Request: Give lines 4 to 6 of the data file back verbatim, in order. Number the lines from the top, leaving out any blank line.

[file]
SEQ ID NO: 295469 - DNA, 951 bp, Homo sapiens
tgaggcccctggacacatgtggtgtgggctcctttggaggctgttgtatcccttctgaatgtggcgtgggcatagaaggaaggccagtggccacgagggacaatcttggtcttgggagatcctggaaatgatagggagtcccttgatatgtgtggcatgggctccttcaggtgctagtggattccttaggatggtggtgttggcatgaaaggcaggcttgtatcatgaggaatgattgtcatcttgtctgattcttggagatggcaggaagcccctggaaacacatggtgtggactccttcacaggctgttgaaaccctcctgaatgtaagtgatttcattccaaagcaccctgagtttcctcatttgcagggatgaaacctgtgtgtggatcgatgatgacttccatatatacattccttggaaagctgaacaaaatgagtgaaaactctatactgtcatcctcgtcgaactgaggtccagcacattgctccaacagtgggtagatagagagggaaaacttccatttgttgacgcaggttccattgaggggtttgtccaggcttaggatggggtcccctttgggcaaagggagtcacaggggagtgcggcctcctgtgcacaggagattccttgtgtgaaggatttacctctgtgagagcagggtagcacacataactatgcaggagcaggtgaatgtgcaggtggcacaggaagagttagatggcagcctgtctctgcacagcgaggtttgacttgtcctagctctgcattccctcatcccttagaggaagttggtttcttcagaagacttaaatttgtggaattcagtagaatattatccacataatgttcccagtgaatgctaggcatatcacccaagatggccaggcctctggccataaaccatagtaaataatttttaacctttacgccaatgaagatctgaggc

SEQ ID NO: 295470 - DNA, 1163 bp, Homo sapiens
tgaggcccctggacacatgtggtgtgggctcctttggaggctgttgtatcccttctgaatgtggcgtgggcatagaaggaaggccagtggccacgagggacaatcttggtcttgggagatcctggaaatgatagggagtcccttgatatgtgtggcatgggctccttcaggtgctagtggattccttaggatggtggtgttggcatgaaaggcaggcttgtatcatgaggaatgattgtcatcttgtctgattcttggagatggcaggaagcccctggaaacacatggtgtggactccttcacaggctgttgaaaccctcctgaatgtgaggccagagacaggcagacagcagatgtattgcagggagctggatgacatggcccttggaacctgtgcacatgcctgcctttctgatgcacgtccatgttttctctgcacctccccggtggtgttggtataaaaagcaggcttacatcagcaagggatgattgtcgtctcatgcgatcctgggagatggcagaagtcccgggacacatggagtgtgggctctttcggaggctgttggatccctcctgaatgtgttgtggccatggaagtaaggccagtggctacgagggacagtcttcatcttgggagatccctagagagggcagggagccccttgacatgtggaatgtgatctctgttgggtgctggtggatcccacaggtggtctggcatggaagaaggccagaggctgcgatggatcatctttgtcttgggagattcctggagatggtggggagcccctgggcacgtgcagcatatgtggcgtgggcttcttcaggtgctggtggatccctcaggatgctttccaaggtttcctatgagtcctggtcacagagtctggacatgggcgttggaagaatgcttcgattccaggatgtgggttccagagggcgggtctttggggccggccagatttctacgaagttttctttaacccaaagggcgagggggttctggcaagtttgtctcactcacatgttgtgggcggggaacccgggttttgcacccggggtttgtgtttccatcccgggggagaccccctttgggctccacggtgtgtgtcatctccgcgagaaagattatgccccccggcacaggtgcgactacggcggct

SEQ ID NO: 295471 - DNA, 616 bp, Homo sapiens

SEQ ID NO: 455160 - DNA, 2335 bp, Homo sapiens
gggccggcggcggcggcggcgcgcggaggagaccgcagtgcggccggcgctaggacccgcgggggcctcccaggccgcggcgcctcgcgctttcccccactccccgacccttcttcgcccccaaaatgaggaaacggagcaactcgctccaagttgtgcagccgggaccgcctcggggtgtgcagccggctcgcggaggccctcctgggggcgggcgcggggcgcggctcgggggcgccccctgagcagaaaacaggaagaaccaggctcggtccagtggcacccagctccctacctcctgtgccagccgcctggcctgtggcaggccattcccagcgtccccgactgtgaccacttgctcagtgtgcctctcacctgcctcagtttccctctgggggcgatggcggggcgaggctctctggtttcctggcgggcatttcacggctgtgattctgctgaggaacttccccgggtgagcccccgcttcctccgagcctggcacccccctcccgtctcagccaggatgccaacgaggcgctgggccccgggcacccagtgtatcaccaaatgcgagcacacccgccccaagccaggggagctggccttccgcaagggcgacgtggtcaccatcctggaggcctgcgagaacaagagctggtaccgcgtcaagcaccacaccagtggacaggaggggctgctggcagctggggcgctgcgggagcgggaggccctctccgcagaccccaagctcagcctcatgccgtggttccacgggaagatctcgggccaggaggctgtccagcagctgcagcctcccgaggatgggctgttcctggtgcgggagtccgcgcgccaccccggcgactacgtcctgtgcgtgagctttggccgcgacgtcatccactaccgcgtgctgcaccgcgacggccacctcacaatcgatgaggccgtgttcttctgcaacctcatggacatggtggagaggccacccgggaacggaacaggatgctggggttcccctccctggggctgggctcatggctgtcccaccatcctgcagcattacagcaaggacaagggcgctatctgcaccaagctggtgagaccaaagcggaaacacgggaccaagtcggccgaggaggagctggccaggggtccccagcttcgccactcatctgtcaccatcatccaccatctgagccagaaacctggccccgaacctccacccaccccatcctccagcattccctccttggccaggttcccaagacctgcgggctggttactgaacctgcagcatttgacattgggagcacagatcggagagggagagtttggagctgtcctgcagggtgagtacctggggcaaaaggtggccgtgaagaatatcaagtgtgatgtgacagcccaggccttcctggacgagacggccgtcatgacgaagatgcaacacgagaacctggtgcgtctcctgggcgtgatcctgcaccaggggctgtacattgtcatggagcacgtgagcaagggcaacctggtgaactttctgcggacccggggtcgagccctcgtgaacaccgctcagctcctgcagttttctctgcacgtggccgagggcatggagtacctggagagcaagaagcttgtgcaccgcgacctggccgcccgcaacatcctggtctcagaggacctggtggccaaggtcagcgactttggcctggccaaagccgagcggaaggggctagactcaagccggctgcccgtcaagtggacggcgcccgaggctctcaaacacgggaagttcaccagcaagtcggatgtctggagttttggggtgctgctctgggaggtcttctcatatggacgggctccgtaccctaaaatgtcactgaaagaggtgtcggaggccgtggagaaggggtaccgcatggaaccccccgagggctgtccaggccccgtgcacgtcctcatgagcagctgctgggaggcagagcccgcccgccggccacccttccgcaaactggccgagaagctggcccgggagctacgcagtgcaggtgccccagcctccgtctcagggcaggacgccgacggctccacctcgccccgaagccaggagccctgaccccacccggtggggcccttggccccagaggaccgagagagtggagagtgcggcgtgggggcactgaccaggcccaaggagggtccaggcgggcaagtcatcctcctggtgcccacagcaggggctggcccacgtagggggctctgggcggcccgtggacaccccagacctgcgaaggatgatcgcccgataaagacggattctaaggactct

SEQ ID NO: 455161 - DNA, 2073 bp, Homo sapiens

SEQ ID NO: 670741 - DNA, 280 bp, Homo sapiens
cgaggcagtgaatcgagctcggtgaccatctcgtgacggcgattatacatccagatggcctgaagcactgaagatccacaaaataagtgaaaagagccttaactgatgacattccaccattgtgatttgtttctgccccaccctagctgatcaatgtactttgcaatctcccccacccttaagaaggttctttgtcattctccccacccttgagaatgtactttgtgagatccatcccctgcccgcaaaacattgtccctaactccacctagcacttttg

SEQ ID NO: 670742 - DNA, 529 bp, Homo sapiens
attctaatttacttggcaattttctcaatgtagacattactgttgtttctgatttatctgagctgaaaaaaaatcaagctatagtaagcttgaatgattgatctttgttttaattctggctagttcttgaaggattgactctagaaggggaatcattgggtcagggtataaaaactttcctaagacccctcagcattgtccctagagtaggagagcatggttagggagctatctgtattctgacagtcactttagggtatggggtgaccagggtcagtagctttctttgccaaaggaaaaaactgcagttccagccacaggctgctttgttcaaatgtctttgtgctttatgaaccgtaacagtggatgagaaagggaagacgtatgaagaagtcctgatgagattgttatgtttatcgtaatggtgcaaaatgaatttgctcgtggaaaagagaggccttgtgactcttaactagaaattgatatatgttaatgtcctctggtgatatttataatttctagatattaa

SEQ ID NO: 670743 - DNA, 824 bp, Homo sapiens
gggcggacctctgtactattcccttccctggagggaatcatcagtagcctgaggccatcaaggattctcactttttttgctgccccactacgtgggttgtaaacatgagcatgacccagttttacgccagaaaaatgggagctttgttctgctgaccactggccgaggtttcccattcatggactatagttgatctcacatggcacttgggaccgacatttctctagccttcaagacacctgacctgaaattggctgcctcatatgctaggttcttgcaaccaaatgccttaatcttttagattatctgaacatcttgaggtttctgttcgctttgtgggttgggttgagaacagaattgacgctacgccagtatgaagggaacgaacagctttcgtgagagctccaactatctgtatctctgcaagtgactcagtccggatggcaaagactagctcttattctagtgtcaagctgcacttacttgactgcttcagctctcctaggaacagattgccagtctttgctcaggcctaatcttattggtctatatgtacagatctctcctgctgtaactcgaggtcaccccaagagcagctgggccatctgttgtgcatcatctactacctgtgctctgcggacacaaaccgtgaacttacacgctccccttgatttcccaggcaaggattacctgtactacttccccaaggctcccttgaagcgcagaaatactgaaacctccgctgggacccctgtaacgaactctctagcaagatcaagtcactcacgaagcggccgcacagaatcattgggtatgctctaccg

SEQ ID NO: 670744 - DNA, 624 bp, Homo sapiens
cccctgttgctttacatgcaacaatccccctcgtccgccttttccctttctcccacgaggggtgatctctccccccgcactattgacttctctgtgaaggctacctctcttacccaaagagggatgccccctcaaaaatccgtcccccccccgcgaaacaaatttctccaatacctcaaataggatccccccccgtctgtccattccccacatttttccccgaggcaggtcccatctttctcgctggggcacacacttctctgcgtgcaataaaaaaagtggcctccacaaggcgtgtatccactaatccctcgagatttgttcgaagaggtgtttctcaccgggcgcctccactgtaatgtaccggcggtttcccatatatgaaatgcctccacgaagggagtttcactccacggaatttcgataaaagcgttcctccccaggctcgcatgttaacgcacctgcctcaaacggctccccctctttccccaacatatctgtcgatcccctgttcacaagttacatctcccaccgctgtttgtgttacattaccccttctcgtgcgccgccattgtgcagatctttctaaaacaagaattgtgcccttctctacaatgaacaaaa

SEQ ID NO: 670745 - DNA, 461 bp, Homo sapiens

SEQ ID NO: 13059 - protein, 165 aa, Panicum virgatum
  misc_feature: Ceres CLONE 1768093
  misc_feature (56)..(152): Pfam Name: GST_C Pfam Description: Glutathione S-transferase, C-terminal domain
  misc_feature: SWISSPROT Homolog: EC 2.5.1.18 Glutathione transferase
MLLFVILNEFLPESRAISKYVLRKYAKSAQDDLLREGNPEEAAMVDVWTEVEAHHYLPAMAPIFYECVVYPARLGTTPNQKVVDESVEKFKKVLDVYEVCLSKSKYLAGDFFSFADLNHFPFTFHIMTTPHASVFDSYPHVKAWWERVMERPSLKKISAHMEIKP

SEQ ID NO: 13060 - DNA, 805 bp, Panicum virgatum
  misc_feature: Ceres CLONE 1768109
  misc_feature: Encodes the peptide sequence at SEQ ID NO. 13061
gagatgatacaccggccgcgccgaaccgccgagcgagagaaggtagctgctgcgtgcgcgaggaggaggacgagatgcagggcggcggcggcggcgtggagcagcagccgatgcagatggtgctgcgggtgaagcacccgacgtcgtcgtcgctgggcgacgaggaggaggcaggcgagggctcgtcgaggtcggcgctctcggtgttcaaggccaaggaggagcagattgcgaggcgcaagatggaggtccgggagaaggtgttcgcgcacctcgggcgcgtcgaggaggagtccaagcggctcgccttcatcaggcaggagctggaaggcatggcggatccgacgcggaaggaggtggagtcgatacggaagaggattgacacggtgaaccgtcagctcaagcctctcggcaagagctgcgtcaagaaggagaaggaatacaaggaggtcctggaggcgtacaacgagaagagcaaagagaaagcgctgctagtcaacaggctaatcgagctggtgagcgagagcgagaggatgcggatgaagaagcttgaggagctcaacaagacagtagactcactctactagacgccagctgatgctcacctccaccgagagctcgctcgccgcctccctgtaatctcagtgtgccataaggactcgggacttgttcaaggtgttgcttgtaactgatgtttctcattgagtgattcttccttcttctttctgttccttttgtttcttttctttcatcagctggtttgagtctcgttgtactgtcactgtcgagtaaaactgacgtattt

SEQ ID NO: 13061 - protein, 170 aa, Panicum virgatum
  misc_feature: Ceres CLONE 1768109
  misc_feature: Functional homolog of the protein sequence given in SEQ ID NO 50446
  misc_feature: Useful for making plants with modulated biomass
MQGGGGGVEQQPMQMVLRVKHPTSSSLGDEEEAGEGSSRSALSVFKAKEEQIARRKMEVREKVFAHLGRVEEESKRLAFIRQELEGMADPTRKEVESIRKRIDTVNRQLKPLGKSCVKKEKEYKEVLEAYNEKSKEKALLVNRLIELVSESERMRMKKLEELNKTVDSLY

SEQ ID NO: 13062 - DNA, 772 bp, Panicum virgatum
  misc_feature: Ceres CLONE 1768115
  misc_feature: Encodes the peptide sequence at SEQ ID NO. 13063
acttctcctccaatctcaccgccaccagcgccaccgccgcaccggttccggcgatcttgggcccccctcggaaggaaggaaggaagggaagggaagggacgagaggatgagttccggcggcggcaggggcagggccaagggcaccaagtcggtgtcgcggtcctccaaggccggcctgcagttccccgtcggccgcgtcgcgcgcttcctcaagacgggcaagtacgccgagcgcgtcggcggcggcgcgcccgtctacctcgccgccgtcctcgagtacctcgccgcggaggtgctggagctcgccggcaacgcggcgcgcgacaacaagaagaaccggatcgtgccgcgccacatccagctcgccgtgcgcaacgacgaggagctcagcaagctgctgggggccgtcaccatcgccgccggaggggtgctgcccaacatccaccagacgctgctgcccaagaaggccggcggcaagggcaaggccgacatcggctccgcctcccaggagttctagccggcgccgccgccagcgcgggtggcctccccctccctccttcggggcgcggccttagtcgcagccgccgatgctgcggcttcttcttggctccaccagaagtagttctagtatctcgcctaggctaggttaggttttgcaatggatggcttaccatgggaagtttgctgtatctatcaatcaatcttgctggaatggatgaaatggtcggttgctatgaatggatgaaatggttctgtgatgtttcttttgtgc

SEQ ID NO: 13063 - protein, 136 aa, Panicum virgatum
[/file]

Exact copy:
tgaggcccctggacacatgtggtgtgggctcctttggaggctgttgtatcccttctgaatgtggcgtgggcatagaaggaaggccagtggccacgagggacaatcttggtcttgggagatcctggaaatgatagggagtcccttgatatgtgtggcatgggctccttcaggtgctagtggattccttaggatggtggtgttggcatgaaaggcaggcttgtatcatgaggaatgattgtcatcttgtctgattcttggagatggcaggaagcccctggaaacacatggtgtggactccttcacaggctgttgaaaccctcctgaatgtgaggccagagacaggcagacagcagatgtattgcagggagctggatgacatggcccttggaacctgtgcacatgcctgcctttctgatgcacgtccatgttttctctgcacctccccggtggtgttggtataaaaagcaggcttacatcagcaagggatgattgtcgtctcatgcgatcctgggagatggcagaagtcccgggacacatggagtgtgggctctttcggaggctgttggatccctcctgaatgtgttgtggccatggaagtaaggccagtggctacgagggacagtcttcatcttgggagatccctagagagggcagggagccccttgacatgtggaatgtgatctctgttgggtgctggtggatcccacaggtggtctggcatggaagaaggccagaggctgcgatggatcatctttgtcttgggagattcctggagatggtggggagcccctgggcacgtgcagcatatgtggcgtgggcttcttcaggtgctggtggatccctcaggatgctttccaaggtttcctatgagtcctggtcacagagtctggacatgggcgttggaagaatgcttcgattccaggatgtgggttccagagggcgggtctttggggccggccagatttctacgaagttttctttaacccaaagggcgagggggttctggcaagtttgtctcactcacatgttgtgggcggggaacccgggttttgcacccggggtttgtgtttccatcccgggggagaccccctttgggctccacggtgtgtgtcatctccgcgagaaagattatgccccccggcacaggtgcgactacggcggct

SEQ ID NO: 295471 - DNA, 616 bp, Homo sapiens

SEQ ID NO: 455160 - DNA, 2335 bp, Homo sapiens